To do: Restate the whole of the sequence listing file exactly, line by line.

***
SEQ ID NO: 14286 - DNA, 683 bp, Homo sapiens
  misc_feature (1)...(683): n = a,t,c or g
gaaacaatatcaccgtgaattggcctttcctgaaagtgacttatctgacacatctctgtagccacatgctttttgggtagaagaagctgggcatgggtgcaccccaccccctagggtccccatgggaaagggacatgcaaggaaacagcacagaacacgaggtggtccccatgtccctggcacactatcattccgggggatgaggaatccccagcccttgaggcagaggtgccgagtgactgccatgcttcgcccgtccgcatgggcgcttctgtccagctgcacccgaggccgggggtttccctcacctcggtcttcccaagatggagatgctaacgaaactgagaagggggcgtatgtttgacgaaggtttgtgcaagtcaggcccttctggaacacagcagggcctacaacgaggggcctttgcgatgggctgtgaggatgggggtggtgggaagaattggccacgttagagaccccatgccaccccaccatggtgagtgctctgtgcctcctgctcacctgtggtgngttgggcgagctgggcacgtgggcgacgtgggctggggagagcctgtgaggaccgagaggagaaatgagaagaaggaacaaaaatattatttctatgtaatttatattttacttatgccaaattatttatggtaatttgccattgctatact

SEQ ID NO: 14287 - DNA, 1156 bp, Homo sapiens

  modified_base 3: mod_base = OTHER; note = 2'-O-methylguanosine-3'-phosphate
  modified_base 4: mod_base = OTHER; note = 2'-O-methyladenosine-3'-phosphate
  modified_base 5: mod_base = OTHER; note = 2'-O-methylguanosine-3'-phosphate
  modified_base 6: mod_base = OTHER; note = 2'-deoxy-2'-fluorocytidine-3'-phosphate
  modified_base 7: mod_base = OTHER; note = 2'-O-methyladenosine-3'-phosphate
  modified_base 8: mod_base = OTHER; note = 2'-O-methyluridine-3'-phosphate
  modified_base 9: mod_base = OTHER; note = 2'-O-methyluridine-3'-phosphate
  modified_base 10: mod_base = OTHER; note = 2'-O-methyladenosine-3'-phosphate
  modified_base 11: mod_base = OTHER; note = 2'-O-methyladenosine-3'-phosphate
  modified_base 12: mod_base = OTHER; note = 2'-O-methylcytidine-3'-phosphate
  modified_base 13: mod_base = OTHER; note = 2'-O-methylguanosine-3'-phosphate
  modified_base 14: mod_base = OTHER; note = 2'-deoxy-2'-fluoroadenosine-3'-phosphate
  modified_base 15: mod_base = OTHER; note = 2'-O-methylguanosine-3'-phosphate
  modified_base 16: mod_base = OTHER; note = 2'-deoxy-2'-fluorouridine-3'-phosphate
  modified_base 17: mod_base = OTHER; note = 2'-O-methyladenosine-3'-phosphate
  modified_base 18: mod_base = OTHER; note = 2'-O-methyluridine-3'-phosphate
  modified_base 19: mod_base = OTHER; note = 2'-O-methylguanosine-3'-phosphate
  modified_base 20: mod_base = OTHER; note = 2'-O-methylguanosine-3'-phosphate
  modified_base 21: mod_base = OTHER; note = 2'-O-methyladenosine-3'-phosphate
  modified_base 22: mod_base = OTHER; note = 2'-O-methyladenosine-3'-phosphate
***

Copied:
SEQ ID NO: 14286 - DNA, 683 bp, Homo sapiens
  misc_feature (1)...(683): n = a,t,c or g
gaaacaatatcaccgtgaattggcctttcctgaaagtgacttatctgacacatctctgtagccacatgctttttgggtagaagaagctgggcatgggtgcaccccaccccctagggtccccatgggaaagggacatgcaaggaaacagcacagaacacgaggtggtccccatgtccctggcacactatcattccgggggatgaggaatccccagcccttgaggcagaggtgccgagtgactgccatgcttcgcccgtccgcatgggcgcttctgtccagctgcacccgaggccgggggtttccctcacctcggtcttcccaagatggagatgctaacgaaactgagaagggggcgtatgtttgacgaaggtttgtgcaagtcaggcccttctggaacacagcagggcctacaacgaggggcctttgcgatgggctgtgaggatgggggtggtgggaagaattggccacgttagagaccccatgccaccccaccatggtgagtgctctgtgcctcctgctcacctgtggtgngttgggcgagctgggcacgtgggcgacgtgggctggggagagcctgtgaggaccgagaggagaaatgagaagaaggaacaaaaatattatttctatgtaatttatattttacttatgccaaattatttatggtaatttgccattgctatact

SEQ ID NO: 14287 - DNA, 1156 bp, Homo sapiens

  modified_base 3: mod_base = OTHER; note = 2'-O-methylguanosine-3'-phosphate
  modified_base 4: mod_base = OTHER; note = 2'-O-methyladenosine-3'-phosphate
  modified_base 5: mod_base = OTHER; note = 2'-O-methylguanosine-3'-phosphate
  modified_base 6: mod_base = OTHER; note = 2'-deoxy-2'-fluorocytidine-3'-phosphate
  modified_base 7: mod_base = OTHER; note = 2'-O-methyladenosine-3'-phosphate
  modified_base 8: mod_base = OTHER; note = 2'-O-methyluridine-3'-phosphate
  modified_base 9: mod_base = OTHER; note = 2'-O-methyluridine-3'-phosphate
  modified_base 10: mod_base = OTHER; note = 2'-O-methyladenosine-3'-phosphate
  modified_base 11: mod_base = OTHER; note = 2'-O-methyladenosine-3'-phosphate
  modified_base 12: mod_base = OTHER; note = 2'-O-methylcytidine-3'-phosphate
  modified_base 13: mod_base = OTHER; note = 2'-O-methylguanosine-3'-phosphate
  modified_base 14: mod_base = OTHER; note = 2'-deoxy-2'-fluoroadenosine-3'-phosphate
  modified_base 15: mod_base = OTHER; note = 2'-O-methylguanosine-3'-phosphate
  modified_base 16: mod_base = OTHER; note = 2'-deoxy-2'-fluorouridine-3'-phosphate
  modified_base 17: mod_base = OTHER; note = 2'-O-methyladenosine-3'-phosphate
  modified_base 18: mod_base = OTHER; note = 2'-O-methyluridine-3'-phosphate
  modified_base 19: mod_base = OTHER; note = 2'-O-methylguanosine-3'-phosphate
  modified_base 20: mod_base = OTHER; note = 2'-O-methylguanosine-3'-phosphate
  modified_base 21: mod_base = OTHER; note = 2'-O-methyladenosine-3'-phosphate
  modified_base 22: mod_base = OTHER; note = 2'-O-methyladenosine-3'-phosphate